No one expects a Prius to be truly quick, and ours wasn't. But the 2010 model has enough sauce to merge comfortably and maneuver through traffic, even while carrying a 50-mpg fuel economy rating.
The low rolling resistance tires used here don't produce much cornering grip and the steering isn't particularly direct, a combination that makes the Prius feel up on tiptoes. Panic stopping performance is reassuring.
Bumps and potholes pose no significant problem. It's not plush, but the ride is steady and composed.
Noise levels are all over the map. It's very quiet for brief periods in electric mode, but the engine sometimes revs higher than expected and the hybrid system makes an assortment of odd sounds. Road noise is no better than average.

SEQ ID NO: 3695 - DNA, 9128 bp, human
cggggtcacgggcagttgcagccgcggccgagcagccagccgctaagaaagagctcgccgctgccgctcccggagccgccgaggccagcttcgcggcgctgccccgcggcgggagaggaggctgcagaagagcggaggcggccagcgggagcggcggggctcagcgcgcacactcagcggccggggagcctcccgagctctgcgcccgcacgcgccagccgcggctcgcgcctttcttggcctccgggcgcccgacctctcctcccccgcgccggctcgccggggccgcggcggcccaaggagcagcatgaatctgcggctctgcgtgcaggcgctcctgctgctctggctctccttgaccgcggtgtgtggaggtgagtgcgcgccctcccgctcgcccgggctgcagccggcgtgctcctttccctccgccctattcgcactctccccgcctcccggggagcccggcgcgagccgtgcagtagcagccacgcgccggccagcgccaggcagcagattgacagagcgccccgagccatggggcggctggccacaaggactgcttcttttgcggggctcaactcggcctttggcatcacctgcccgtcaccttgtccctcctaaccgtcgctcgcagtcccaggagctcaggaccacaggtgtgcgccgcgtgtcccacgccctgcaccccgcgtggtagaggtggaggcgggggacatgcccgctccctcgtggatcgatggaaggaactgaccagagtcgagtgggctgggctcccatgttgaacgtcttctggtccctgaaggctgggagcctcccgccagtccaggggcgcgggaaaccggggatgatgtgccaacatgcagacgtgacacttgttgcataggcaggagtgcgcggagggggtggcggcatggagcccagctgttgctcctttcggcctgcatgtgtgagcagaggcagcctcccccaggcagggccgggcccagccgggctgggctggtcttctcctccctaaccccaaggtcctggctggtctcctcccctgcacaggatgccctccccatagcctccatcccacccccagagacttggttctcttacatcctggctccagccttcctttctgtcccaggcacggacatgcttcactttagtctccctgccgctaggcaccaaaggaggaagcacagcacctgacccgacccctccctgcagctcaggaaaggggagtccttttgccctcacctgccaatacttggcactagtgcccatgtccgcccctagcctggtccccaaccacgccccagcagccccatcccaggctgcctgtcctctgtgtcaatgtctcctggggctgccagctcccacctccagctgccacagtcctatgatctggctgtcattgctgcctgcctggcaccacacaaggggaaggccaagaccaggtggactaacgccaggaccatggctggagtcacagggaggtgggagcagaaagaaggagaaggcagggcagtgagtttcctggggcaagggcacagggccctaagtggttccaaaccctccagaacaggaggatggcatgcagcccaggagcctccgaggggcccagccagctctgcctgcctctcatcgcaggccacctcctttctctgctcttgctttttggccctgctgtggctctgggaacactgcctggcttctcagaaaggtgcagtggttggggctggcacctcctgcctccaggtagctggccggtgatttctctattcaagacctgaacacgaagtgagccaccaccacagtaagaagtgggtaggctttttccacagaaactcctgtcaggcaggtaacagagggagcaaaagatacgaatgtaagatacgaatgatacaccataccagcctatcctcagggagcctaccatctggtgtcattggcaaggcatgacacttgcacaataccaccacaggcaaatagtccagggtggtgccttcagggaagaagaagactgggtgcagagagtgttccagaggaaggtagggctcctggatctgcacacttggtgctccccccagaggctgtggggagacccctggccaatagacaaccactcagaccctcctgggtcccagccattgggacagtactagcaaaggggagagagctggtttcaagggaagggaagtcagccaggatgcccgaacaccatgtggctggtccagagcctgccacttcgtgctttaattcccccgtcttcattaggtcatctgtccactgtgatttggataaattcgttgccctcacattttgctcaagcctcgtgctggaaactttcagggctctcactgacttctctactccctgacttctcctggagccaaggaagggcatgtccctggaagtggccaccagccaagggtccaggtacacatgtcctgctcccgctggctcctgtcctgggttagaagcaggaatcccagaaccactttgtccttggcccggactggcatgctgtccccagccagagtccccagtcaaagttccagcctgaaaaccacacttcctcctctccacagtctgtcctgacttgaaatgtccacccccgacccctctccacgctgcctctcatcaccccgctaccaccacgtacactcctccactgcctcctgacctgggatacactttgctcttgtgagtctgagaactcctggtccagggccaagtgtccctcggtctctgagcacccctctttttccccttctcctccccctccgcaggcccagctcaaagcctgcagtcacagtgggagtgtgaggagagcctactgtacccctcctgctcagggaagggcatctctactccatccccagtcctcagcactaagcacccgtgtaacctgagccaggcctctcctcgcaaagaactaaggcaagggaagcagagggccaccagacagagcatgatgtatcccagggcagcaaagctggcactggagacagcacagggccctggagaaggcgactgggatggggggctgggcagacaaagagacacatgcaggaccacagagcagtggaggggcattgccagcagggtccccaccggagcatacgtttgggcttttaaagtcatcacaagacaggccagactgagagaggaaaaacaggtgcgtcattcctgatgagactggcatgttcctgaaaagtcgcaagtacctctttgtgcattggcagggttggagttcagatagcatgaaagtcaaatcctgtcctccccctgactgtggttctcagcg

The center-mounted gauges are a love-it-or-hate-it design. Radio, climate and other controls are easy to operate, but the shifter arrangement is quite odd. Despite a new telescopic feature, the steering wheel is a long reach for some.
Lots of glass, a sloping hood and good headlights make forward visibility a breeze, day or night. Rear visibilitiy is good, too, thanks to a vertical glass panel between the rear taillights.
Seat Access & Space
The Prius' distinctive high roofline provides good headroom and excellent legroom, front and rear -- one reason why you see these used as taxis. It's a bit narrow for three-across seating in the rear, though.
Cargo & Storage
There's a lot more usable space behind the rear seats than almost any regular trunk out there. Cargo space just about doubles when the 60/40 fold-flat seats are, well, folded flat.
The Prius is put together well, though some of the material choices are ordinary and obviously price-driven. Solid, but not exemplary.